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Textbook War

Textbook Protest Public School Curriculum

By Karl Priest (Last update: 2-5-2012)

I found out about a curriculum that (over a period of several months) had been developed for West Virginia public schools when someone sent Avis Hill a link to an Associated Press inflammatory press release* on 14 November 2011. It was obviously a stealth attempt to produce a curriculum without Protester input. I issued a press release** on 16 November and prepared a statement*** for the media which I provided to the only reporter (Morgantown Dominion-Post) who showed up for my press conference. It is unknown if he did a story.

After announcing my presence to the West Virginia University staff member I was cordially treated. To my request to speak, I was told “no”, but assured I would be introduced. To my surprise, I was allowed to address the gathering.

My follow-up emails to the WVU professor heading up the curriculum team follow the statement.

It remains to be seen if any of my suggestions will be incorporated into the Great Textbook War curriculum for West Virginia public schools. The facts are that my book Protester Voices--the 1974 Textbook Tea Party is censored and suppressed by those who want to hide the facts about the heroes who stood up for God, children, and country in 1974.

This page will be updated as events unfold. Typos are corrected when found.


18 November 2011

Date: 18 November 20011

To: Dr. Joy Saab and Curriculum Team Members

From: Karl Priest

Subject: Textbook War Curriculum Suggestions

Dear Dr. Saab:

The Curriculum Team and your staff did a wonderful job in setting up and carrying out the Thursday night reception. A special compliment goes to Ashley Stinnet (spelling?).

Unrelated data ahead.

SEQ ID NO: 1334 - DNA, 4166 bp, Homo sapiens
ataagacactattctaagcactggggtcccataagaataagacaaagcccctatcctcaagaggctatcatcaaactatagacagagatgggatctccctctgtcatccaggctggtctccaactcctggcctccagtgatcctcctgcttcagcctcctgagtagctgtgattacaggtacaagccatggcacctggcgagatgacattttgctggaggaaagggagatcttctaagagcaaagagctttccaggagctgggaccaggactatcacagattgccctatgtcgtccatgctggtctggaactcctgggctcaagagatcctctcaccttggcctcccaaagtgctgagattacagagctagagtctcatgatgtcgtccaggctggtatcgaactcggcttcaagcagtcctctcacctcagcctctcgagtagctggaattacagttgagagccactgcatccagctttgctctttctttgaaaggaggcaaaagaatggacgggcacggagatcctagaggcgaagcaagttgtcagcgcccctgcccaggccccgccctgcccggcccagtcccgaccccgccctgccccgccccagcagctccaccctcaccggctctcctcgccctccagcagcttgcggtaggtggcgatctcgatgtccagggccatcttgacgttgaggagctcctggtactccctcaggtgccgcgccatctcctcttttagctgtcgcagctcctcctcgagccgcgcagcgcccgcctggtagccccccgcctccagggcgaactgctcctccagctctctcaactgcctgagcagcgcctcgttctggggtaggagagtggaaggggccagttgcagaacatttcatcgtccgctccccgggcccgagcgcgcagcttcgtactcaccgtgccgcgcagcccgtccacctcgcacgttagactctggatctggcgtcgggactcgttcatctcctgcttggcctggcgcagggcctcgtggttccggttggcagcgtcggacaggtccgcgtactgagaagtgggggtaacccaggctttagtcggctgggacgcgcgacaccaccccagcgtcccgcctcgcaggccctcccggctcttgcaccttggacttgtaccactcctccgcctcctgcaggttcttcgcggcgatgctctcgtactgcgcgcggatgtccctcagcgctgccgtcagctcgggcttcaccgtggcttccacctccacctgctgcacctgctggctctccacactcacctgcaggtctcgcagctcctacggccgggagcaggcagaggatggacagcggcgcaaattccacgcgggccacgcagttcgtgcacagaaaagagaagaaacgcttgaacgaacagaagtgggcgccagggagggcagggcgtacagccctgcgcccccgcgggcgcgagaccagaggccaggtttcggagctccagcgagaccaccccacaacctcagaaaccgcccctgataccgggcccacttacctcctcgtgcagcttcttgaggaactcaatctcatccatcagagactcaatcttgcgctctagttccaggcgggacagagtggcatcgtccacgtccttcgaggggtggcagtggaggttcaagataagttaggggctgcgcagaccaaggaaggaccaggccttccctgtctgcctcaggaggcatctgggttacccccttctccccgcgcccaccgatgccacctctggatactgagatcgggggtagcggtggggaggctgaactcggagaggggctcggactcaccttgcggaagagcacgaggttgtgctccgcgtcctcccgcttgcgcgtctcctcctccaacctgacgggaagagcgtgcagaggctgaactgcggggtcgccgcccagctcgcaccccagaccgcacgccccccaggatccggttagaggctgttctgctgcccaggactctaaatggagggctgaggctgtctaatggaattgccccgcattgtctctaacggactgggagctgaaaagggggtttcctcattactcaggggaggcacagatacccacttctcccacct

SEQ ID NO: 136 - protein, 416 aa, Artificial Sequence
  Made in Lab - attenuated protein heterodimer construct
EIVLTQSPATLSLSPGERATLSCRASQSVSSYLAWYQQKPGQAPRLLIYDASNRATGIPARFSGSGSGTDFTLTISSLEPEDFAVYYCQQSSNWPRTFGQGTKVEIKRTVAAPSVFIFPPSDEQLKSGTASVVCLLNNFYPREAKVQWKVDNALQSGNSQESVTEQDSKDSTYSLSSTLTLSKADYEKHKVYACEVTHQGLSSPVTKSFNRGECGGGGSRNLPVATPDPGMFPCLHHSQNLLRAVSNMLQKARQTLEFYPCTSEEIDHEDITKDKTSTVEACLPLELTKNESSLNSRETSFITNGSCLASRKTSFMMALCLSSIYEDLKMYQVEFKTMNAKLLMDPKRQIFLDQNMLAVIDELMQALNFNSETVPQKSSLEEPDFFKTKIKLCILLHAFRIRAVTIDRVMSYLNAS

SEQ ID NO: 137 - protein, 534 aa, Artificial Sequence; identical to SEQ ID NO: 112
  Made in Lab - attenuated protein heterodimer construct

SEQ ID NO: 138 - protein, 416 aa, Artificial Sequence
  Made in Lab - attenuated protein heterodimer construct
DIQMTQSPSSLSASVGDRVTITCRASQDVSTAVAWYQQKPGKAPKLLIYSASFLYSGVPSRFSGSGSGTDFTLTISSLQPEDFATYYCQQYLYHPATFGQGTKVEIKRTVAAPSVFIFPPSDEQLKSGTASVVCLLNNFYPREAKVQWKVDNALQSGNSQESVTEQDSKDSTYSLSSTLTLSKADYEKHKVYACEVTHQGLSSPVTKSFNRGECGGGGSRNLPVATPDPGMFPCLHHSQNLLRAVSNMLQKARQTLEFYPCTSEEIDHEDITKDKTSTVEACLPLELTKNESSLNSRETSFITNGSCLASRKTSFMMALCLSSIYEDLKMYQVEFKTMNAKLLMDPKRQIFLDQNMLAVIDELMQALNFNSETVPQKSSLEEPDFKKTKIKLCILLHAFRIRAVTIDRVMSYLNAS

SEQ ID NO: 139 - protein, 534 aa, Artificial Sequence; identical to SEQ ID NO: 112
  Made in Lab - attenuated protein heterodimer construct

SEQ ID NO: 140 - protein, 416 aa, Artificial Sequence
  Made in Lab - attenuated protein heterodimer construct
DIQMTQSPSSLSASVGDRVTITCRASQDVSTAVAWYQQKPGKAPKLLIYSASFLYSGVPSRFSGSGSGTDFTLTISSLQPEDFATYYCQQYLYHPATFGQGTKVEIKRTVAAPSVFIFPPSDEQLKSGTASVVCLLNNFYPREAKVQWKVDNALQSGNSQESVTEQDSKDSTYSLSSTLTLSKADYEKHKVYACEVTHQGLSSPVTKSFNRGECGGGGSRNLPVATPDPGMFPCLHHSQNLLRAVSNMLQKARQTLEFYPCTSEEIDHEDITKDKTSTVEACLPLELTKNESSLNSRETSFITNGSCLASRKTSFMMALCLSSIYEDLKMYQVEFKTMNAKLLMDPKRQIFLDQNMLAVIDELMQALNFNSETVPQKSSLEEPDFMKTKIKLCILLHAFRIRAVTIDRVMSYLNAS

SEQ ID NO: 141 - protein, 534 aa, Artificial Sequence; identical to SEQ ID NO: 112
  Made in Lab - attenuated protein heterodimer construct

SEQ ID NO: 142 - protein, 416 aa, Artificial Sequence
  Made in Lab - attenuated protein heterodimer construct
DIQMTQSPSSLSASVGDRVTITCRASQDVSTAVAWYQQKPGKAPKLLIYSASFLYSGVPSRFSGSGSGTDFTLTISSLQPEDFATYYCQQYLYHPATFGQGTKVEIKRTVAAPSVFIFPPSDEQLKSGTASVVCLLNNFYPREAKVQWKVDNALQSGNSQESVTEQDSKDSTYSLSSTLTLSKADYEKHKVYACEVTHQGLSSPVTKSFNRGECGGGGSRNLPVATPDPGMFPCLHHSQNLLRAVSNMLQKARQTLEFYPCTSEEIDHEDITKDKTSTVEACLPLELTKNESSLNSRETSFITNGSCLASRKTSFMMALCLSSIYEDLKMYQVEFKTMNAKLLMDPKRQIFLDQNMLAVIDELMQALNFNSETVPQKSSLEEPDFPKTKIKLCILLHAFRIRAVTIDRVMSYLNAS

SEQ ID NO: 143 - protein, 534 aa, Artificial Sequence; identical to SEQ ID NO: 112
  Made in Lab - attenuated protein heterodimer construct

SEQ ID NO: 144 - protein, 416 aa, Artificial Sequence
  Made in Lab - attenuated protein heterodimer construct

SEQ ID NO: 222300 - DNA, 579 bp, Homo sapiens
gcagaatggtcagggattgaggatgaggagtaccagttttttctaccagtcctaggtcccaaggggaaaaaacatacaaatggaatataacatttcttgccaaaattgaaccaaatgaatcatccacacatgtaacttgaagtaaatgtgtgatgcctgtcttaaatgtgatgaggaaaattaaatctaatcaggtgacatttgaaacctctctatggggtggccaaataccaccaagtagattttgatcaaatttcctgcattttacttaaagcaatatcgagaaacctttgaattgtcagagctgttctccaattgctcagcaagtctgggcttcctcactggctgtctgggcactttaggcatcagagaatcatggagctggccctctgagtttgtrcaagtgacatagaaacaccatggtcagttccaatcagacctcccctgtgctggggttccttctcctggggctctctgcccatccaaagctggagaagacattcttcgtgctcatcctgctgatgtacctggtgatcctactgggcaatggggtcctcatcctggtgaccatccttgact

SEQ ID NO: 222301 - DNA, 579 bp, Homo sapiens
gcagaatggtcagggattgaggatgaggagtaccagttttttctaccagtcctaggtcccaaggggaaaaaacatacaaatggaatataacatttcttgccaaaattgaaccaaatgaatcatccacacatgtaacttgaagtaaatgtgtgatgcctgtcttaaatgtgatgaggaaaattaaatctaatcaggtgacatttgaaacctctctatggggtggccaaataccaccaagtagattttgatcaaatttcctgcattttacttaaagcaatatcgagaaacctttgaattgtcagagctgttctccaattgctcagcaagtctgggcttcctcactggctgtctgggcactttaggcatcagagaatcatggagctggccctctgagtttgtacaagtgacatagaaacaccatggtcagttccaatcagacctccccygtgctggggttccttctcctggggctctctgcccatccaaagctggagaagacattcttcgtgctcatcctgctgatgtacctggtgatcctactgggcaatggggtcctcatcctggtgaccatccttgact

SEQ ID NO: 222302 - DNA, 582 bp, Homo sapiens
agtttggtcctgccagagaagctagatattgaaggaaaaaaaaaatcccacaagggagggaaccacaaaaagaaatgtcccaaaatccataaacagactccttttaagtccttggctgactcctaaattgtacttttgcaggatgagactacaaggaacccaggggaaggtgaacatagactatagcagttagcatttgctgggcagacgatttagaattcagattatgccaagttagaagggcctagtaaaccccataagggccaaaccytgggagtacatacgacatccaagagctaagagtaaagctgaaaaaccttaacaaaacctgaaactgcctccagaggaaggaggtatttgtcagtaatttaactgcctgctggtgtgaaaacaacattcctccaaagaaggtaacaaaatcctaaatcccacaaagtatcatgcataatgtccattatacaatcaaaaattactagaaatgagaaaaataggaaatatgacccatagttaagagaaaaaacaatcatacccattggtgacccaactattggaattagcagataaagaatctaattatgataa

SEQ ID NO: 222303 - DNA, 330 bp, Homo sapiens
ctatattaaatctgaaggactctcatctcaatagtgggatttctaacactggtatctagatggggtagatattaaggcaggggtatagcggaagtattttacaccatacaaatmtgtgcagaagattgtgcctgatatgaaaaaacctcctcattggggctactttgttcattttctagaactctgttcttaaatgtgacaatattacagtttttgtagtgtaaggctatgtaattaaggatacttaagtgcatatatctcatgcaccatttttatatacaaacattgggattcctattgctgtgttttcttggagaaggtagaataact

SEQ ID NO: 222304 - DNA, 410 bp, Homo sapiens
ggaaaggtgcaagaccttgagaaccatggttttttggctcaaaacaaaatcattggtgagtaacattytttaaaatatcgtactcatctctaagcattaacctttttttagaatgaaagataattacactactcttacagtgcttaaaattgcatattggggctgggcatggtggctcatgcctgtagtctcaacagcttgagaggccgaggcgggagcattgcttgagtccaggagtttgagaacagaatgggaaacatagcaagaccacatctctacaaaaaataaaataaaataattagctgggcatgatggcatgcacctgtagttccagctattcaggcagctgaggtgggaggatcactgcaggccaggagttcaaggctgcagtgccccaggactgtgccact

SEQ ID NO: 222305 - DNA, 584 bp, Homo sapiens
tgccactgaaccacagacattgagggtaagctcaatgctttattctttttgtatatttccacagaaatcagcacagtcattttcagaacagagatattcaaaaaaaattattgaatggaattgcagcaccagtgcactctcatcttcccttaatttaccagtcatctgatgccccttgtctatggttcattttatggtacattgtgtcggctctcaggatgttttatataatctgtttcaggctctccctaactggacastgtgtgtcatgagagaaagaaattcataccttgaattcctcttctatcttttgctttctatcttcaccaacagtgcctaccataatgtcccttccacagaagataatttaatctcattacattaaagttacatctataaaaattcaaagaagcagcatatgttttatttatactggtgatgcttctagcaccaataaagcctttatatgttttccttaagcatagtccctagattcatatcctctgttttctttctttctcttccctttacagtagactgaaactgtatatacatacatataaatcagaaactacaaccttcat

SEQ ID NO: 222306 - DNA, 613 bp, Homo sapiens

Thank you so very much for allowing me to speak during the 4:30 session. I apologize that my off-the-cuff remarks failed to compliment the teachers for the hard work they did in preparing the curriculum.

It was most gratifying to be received in a respectful and professional matter. I have much experience with university professors who are aggressively hostile to someone with my point of view. Your demeanor was most refreshing. I am providing you a copy of the remarks I provided to the press (see attachment “Statement by Karl Priest”). Those remarks were in response to the press release that accused the protesters of censorship.

As we discussed, I am providing suggestions about how the program can truly reflect the viewpoint of the protesters. Admittedly, I want to persuade students to agree with me. Those opposed to me have the same goal and they have produced an overwhelming amount of literature to argue their side. I am quite willing to let students study the matter and decide for themselves. However, students cannot think critically about the matter if they do not have a fair representation of the protesters’ story.